When it comes to delivering a high-quality software product, it becomes essential for the team of professional testers to test each aspect of the software product. Also, this helps to ensure that the software product complies with the specified requirements.
Here, a requirement is a particular functionality or feature that the end-users wish to have in the final product. As a result, the testers carefully carry out testing by keeping every single requirement of the software product in mind. They make sure that each and every functionality of the product undergoes testing and functions as expected.
To test each requirement, testers create a number of test cases. Now, you may be wondering what exactly a test case is?
Well, a test case is a set of actions or instructions that testers perform to verify whether a particular aspect of the software product or its functionality works as intended.
If you are not aware of test cases and want to explore more about them, you have landed at the right place.
In this blog post, we will help you understand what exactly a test case is. Also, we will discuss some of the best practices for writing test cases and common test case management tools.
So, let us start our discussion!
What is a Test Case?
It is a set of actions that the software testers perform to check whether a particular feature of the software product functions correctly. In other terms, we can define a test case as a document containing test data, test steps, preconditions, expected results, and postconditions for executing test cases.
Also, a test case highlights the conditions that test engineers need to create while comparing the actual and expected results of the test cases. If the actual and expected results are the same, it indicates that a particular functionality works correctly.
The primary purpose of test cases is to help the testing team to validate each and every functionality or feature of the software product for its correctness. Also, they ensure that the final product is defect-free and meets all the requirements and quality standards that the client or end-users specify.
Furthermore, the testers or QA (Quality Assurance) professionals write test cases based on test scenarios. A test scenario is also a document containing a number of test cases that covers the end-to-end functionality of the software product.
The following are the primary objectives of writing test cases:
- Validate the features and functions of the software product.
- Guide testers throughout the testing process.
- Record the steps that testers take while testing so that they can revisit a specific step in case of a bug popping up.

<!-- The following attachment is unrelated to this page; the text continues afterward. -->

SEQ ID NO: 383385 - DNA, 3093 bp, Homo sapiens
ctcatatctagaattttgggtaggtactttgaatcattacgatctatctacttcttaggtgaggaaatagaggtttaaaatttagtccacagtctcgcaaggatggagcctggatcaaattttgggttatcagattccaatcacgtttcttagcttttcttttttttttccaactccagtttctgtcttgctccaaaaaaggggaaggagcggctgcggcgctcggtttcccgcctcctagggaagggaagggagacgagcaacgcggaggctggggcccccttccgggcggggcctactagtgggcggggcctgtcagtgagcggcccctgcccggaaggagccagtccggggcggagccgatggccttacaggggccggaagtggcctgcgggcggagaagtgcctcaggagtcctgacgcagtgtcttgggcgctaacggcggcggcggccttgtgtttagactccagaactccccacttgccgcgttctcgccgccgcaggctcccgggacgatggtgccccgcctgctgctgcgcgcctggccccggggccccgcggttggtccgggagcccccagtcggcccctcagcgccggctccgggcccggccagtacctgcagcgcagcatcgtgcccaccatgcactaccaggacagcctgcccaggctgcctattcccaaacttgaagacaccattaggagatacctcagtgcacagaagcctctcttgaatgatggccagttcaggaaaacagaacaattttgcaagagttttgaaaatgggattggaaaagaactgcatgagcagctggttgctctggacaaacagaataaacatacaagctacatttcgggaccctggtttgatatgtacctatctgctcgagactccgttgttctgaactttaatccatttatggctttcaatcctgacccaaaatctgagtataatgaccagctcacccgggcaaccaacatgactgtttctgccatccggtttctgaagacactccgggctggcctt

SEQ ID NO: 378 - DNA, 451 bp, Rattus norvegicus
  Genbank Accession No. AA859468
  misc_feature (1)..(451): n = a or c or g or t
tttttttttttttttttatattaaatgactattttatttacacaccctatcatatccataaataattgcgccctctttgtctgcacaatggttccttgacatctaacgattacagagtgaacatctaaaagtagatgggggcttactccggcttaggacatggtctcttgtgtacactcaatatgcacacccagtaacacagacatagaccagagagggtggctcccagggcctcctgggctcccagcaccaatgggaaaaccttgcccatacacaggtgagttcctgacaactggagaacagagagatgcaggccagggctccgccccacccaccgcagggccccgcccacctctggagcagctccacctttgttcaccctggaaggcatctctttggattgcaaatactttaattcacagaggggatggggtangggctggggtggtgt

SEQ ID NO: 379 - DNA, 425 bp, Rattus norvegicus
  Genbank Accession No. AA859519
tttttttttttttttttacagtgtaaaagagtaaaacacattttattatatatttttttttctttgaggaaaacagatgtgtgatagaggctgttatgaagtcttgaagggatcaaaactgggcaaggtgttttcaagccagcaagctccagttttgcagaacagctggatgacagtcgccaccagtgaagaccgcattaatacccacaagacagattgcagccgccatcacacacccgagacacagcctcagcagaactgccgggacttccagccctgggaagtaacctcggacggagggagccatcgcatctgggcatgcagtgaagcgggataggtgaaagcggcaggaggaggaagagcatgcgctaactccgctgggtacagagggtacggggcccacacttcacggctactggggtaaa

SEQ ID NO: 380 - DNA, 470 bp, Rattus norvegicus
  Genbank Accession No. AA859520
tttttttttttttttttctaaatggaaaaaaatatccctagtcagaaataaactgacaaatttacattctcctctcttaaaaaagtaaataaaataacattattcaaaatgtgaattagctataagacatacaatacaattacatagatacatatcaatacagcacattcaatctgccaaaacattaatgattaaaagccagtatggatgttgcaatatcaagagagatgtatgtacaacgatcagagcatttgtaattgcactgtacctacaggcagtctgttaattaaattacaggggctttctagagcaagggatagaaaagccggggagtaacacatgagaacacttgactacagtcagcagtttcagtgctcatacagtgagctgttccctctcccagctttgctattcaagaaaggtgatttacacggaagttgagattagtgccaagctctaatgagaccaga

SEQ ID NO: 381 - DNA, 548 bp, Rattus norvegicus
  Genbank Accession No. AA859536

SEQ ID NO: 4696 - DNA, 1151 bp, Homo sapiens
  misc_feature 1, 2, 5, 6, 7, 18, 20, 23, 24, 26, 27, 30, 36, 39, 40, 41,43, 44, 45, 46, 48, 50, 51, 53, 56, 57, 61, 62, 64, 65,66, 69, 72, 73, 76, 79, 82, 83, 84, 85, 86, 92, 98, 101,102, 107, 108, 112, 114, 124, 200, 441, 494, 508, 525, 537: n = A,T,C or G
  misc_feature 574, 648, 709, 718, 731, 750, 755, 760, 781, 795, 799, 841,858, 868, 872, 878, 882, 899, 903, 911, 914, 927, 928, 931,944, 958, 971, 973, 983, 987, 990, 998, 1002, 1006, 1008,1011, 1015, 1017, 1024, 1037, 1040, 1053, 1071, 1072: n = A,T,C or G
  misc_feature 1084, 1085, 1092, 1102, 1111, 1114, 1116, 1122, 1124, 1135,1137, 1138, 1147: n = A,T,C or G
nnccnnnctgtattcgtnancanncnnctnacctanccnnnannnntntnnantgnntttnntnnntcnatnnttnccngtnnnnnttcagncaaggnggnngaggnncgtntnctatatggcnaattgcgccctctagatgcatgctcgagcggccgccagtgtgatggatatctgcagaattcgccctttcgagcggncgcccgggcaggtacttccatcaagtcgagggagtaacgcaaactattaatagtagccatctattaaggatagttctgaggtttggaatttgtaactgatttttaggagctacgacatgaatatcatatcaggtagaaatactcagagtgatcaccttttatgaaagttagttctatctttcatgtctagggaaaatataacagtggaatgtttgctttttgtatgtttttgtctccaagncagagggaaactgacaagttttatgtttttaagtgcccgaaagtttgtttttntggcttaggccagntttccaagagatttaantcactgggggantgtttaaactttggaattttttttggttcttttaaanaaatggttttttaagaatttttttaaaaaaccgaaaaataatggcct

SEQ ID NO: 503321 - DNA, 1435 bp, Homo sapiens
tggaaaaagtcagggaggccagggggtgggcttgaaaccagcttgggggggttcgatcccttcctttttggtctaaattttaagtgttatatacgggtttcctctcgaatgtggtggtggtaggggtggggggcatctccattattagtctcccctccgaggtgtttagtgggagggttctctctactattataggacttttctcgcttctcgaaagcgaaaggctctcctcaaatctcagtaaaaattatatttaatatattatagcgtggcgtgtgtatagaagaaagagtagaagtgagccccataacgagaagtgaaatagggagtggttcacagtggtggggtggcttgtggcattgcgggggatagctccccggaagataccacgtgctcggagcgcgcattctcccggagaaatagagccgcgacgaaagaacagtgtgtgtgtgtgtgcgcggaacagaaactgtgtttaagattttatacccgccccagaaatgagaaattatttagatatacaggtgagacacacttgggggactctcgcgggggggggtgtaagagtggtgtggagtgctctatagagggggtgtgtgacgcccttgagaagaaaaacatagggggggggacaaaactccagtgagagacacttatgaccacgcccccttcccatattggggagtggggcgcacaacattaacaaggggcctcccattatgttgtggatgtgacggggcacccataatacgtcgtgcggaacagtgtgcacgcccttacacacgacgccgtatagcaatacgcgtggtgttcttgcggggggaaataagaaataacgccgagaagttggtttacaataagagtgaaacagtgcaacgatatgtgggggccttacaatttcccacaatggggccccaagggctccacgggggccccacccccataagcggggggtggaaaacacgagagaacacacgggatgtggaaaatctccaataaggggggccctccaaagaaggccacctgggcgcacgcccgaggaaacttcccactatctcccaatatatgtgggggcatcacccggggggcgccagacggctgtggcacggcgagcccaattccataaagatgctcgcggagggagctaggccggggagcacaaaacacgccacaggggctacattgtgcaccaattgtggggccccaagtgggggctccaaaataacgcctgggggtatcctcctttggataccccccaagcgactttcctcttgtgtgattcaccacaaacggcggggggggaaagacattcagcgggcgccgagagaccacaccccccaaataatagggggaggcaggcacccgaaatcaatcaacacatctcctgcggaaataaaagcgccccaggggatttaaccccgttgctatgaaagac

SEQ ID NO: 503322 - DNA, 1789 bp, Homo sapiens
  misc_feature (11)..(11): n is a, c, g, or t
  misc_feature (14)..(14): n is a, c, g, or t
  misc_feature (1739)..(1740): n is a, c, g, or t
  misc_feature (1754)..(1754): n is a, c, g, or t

- Detect the usability issues and design gaps in the software product.
- Help new testers to understand the testing process even if they join in the middle of the ongoing project.
Test Cases vs Test Scenarios
In general, test scenarios cover a wide range of possibilities and are vague. On the other hand, test cases are very specific.
It is common for many individuals to get confused between test cases and test scenarios. However, let us try to understand the difference between test cases and test scenarios through an example.
Let us consider the login page of the popular eCommerce website ‘Amazon’, which consists of a username, password, and the ‘Login’ button.
The test scenario for the above example would be to check the Login functionality. For this test scenario, we can create a number of test cases, like the ones below:
Check the behavior of the system when the user enters:
- A valid username and invalid password.
- Invalid username and valid password.
- A valid username and valid password.
- Invalid username and invalid password.
- Test the behavior of the system if the user keeps the username and password field empty and attempts to log in by pressing the ‘Login’ button.
As the number of components on the login page increases, the number of test cases also increases.
Who Writes Test Cases?
A team of professional testers performs different types of software testing on the software product, such as unit testing , integration testing, system testing, and user acceptance testing. The person responsible for writing test cases depends on the type of software testing. Also, every organization consists of the development team and the testing team. As a result:
- The development team writes unit test cases.
- Both the developers and testers together write integration test cases.
- The team of testers writes the system test cases.
- A small group of end-users and product owners, along with business analysts and specialist testers write acceptance test cases.
How to Write a Test Case? [Example]
The following are the steps for writing test cases:
1. Test Case ID
Each test case has an ID through which it can be uniquely identified. In addition, it is always better to assign a name to a test case for better identification.
2. Test Case Description
Here, we need to refer to a particular test scenario and pick every test case one by one.
Let us take the test scenarios of the Login functionality, as discussed above. We shall pick one of the test cases from this scenario:
- Check the behavior of the system if the user enters a valid username and password.
This serves as the test case description. Also, we shall assign it a unique ID as TC01.
3. Test Data
Then there comes test data to execute test cases. It becomes essential for testers to collect appropriate test data since the results of test cases depend on it. For our example, we shall take test data as
- Username: email@example.com
- Password: Tech@1@3$5^7
4. Test Step
The core part of test cases is the test steps. It includes the set of actions you need to perform. Therefore, it is essential to write the test steps with the utmost care and in detail.
For our example, the steps would be:
- Enter a valid username.
- Enter a valid password.
- Click the Login button.
In our example, we have simple test steps. But for the complex functionality of any software product, it might be not as easy as this. Therefore, there is a need to document detailed test steps.
Moreover, if the author of the test cases leaves an organization and a new person comes in, it becomes easier for that person to understand the test cases and the steps to perform them.
All the test cases have preconditions that should be satisfied before the execution of test cases. In our example, the precondition would be:
- Need a valid Amazon account to log in.
6. Check the Behavior of the System Under Test
This step involves the actual execution of the test cases. Here, testers check the behavior of the system under test after executing the test cases, i.e., they run the test cases and compare the actual results with the expected ones.